The Cape province of South Africa is considered a continental ' hotspot' with a rich diversity of species of flora. In the July 12 Nature, Richardson et al., from the Royal Botanic Gardens in Richmond, UK, report the results of a molecular phylogenetic analysis that dates the era of speciation to about 7-8 million years ago (Nature 2001, 412:181-182). They sequenced nuclear ribosomal and plastid DNA from island species of the buckthorn Phylica, as well as continental species from the Cape, and constructed a series of phylogentic trees. The dispersal of one species from Mauritius to the Reunion island 2 million years ago provided an internal calibration for their molecular clock, and the related Nesiota genus from St Helena island (14.3 million years old) served as an external reference. Richardson et al. conclude that the species diversification took place around 7-8 million years ago. Thus,...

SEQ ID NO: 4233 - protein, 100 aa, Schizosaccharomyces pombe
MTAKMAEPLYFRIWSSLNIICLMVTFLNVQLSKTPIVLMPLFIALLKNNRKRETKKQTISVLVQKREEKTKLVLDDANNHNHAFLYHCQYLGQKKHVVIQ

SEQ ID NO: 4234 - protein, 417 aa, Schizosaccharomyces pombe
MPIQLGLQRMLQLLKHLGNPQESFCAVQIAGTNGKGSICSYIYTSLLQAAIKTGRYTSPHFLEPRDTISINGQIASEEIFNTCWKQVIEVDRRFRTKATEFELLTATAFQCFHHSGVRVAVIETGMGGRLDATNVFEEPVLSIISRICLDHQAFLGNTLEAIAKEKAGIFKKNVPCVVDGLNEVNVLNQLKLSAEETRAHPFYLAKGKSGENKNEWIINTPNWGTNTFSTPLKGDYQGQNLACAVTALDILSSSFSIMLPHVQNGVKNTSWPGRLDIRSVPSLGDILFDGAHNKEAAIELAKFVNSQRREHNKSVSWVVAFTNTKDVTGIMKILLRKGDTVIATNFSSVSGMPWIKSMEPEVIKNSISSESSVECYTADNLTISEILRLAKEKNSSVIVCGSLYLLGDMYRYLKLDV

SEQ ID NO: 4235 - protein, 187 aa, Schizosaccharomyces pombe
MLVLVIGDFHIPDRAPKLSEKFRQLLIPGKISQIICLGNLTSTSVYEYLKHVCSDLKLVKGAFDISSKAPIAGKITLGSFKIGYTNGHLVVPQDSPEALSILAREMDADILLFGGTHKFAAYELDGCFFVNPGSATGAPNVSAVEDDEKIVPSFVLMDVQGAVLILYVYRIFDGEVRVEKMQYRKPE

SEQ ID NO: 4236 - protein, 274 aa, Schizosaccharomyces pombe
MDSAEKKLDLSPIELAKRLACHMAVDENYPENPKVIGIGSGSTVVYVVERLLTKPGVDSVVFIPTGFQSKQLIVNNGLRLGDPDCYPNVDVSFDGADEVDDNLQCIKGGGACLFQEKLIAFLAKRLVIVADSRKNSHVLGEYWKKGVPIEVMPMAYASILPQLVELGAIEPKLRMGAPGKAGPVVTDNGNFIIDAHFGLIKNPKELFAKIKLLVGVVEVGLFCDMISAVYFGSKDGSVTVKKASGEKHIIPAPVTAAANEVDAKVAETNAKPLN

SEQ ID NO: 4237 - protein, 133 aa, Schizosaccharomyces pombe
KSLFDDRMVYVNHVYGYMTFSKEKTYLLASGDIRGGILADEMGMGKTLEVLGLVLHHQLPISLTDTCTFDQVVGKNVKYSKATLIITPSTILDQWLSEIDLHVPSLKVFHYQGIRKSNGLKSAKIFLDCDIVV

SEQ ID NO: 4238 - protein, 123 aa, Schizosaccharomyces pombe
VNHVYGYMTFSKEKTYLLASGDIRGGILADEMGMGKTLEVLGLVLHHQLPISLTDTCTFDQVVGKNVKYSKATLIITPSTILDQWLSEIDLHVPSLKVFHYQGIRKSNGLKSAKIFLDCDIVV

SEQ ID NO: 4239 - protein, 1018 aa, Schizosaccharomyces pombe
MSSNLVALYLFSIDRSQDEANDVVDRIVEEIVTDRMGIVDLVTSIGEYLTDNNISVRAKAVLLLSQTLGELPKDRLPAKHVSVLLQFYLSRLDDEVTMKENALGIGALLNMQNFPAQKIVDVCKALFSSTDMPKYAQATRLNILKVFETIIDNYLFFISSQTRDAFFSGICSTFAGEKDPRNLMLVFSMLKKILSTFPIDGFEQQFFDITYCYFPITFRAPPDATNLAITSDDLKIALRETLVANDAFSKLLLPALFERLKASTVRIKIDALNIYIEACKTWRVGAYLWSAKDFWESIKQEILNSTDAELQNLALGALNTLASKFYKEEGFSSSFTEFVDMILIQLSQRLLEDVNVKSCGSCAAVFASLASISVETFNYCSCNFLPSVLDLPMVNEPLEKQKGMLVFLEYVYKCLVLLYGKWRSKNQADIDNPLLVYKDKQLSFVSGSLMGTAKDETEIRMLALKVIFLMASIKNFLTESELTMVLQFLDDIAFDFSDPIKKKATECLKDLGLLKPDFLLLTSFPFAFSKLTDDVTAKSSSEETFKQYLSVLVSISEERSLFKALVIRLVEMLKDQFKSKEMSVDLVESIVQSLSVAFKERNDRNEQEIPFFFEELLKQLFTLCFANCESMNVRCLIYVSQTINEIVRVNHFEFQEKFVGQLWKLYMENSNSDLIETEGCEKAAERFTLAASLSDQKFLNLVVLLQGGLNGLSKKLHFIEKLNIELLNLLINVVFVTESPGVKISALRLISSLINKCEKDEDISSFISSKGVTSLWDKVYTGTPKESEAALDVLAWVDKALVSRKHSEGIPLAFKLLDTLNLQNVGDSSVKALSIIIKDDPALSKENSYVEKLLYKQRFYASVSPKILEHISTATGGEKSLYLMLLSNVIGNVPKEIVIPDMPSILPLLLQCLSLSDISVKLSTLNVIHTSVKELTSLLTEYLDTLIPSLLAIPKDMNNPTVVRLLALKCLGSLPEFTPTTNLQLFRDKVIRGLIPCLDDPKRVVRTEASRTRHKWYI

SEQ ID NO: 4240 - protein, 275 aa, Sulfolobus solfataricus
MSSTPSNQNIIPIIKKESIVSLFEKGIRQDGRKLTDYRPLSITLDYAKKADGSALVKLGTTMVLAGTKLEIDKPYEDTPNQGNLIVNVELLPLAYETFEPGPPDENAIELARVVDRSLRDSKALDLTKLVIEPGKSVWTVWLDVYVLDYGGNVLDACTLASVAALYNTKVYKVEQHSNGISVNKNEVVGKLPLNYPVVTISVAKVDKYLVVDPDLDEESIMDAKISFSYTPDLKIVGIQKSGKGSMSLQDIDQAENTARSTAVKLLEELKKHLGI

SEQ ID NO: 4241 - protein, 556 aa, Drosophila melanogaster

Interested in reading more?

Become a Member of

Receive full access to more than 35 years of archives, as well as TS Digest, digital editions of The Scientist, feature stories, and much more!
Already a member?